David McCormick, co-president of the world’s largest hedge fund, Bridgewater Associates LP, said recent moves by regulators in global financial centers are “yellow flags” for the threat of protectionism.
“We’ve had 35 years of globalization,” said McCormick, a former Treasury under-secretary for international affairs, at Bloomberg’s Washington Summit today. He said that it’s “by and large a bad thing” to see individual countries now seek their own regulatory solutions as global efforts bog down. He pointed to an “isolated, U.S.-centric” bill from senators to mandate a 15 percent capital cushion for the biggest banks.
McCormick, who was an aide of former Treasury Secretary Henry Paulson during the 2008 financial crisis, said banks still face a “huge degree of uncertainty” from slow implementation of rules, which five years after the crisis means “we still don’t know answers to a lot of really important questions.”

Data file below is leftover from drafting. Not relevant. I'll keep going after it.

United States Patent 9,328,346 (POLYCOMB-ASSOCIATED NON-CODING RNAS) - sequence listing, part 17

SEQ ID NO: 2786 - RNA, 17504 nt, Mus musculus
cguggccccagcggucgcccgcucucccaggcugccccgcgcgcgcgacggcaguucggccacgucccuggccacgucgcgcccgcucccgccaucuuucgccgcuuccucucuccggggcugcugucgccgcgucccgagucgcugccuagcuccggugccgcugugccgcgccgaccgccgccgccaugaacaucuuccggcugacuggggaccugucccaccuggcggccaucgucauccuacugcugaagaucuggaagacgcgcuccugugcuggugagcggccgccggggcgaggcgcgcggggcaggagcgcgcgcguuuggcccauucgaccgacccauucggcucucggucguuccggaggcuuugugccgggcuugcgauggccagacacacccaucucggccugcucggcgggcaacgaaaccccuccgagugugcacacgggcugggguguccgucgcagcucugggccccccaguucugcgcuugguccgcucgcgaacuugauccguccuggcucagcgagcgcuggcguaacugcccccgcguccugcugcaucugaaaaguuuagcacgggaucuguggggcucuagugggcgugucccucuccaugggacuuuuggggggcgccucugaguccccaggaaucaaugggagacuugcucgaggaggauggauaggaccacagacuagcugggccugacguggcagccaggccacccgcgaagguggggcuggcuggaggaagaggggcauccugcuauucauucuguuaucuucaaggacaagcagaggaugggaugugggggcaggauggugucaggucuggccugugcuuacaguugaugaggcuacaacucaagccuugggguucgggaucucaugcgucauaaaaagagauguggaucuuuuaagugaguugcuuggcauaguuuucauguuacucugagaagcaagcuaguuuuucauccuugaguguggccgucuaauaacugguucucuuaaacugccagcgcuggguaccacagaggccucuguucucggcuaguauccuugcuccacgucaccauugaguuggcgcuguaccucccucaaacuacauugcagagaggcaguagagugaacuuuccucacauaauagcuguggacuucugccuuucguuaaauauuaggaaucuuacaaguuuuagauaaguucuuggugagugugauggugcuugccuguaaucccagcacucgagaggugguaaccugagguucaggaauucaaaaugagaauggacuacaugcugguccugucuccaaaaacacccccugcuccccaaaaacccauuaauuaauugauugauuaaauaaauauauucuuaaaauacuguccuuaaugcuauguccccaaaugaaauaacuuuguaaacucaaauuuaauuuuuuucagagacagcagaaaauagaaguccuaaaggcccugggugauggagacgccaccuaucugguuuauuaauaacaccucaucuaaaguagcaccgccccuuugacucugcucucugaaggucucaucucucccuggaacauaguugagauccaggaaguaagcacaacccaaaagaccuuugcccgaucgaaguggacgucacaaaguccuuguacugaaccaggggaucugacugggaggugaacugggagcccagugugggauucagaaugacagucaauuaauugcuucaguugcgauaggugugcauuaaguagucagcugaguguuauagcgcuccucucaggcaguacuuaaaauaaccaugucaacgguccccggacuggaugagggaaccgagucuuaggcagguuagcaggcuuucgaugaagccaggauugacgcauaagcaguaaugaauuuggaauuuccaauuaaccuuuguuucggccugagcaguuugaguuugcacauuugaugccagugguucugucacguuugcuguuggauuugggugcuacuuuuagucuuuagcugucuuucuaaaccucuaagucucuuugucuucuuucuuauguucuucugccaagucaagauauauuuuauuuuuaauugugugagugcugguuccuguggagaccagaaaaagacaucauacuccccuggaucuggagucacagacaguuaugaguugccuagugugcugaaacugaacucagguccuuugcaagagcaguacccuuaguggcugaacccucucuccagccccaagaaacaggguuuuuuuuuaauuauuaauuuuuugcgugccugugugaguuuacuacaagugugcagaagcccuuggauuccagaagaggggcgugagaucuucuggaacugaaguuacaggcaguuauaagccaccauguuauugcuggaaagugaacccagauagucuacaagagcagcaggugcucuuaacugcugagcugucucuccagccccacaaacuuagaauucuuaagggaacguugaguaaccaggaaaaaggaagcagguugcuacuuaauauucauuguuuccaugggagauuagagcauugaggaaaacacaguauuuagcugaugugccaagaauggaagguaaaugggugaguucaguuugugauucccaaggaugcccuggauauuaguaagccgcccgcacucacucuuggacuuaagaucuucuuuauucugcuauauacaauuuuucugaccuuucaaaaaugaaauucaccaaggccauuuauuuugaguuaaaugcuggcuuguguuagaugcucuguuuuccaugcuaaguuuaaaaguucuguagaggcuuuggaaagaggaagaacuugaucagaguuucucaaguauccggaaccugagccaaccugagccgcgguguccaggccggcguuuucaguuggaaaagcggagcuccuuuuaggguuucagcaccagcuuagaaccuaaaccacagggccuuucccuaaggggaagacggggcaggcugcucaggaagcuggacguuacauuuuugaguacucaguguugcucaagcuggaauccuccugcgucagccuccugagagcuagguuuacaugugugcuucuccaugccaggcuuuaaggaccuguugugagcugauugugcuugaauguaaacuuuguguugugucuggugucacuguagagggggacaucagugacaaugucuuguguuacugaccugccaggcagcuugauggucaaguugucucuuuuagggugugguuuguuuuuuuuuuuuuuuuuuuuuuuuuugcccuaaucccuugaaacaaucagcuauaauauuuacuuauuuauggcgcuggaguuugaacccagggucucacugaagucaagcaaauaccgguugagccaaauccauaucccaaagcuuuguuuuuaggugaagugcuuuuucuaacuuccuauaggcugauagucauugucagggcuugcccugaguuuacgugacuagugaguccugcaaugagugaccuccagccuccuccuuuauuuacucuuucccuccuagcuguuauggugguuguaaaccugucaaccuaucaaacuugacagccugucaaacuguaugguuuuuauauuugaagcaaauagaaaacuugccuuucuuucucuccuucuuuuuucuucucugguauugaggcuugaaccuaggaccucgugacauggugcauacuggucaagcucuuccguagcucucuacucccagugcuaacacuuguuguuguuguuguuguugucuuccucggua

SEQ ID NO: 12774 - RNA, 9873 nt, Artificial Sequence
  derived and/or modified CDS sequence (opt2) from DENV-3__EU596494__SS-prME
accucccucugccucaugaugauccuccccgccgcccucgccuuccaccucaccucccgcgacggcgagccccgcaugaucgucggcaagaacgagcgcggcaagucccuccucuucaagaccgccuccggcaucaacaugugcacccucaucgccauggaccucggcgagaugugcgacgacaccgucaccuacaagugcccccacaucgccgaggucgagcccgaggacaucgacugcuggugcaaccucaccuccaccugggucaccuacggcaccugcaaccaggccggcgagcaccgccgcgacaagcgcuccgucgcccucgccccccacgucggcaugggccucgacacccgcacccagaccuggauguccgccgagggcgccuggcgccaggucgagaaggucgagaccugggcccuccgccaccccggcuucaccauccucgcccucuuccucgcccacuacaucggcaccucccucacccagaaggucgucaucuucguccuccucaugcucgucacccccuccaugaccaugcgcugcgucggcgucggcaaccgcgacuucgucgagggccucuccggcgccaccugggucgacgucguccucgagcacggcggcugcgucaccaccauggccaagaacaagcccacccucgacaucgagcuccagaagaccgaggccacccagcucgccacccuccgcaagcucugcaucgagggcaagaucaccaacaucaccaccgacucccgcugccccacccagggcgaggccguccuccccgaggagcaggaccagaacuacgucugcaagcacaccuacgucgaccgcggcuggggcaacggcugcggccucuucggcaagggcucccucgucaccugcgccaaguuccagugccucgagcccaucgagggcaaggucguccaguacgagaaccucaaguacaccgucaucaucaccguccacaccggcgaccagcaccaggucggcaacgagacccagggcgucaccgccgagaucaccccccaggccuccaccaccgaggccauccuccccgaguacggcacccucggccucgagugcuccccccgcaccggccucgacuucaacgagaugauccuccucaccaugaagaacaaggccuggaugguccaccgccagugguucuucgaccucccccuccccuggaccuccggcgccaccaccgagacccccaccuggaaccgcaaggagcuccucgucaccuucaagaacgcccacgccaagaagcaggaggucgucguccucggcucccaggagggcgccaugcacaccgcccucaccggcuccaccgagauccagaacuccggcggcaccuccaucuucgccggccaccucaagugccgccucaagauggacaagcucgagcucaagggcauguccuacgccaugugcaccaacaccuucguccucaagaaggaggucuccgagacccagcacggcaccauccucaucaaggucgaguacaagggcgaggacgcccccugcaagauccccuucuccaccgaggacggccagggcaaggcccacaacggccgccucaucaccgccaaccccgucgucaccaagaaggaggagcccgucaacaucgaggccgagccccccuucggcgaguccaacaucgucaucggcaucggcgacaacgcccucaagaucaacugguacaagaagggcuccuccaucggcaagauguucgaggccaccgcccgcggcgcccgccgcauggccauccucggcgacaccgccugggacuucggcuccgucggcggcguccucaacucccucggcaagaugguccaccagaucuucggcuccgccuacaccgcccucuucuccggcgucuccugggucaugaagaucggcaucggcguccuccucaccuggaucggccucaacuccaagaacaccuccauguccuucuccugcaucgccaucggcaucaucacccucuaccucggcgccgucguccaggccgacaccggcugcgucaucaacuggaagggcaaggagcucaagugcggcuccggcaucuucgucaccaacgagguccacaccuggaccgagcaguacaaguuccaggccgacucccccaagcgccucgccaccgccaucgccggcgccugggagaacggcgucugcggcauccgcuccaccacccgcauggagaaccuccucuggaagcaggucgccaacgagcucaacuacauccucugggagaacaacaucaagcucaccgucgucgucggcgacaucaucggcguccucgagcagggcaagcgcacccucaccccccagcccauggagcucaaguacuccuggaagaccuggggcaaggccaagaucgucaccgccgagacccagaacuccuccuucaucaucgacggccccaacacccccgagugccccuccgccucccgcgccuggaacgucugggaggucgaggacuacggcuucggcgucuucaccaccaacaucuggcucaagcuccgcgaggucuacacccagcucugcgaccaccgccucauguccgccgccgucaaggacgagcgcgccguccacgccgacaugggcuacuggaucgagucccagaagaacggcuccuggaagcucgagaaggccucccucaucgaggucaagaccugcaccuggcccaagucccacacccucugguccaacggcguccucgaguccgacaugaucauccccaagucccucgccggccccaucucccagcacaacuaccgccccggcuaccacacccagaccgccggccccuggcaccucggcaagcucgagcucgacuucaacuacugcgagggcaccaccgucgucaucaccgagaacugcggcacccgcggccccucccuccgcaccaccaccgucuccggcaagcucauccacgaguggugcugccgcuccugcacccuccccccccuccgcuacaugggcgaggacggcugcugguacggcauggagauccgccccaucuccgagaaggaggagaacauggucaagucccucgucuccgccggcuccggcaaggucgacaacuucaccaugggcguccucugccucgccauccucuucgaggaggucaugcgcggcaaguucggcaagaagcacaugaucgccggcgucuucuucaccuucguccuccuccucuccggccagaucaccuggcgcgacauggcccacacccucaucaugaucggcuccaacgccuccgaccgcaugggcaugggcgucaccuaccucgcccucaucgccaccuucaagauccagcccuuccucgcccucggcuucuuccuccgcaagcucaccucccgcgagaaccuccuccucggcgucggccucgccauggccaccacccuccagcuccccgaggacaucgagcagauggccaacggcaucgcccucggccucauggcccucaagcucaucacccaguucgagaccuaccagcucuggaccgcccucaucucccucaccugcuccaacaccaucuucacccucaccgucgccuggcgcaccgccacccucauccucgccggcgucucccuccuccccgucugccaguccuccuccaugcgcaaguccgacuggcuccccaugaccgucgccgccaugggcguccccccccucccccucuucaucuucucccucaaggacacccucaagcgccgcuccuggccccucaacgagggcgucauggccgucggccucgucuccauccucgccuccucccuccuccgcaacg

He said the Federal Reserve has taken the best choice among bad options for pushing liquidity. Deleveraging tends to be a “multi-decade” effort, he said, “so I think unfortunately, we’re five years into what will probably be a 10- to 20-year path in the developed world.”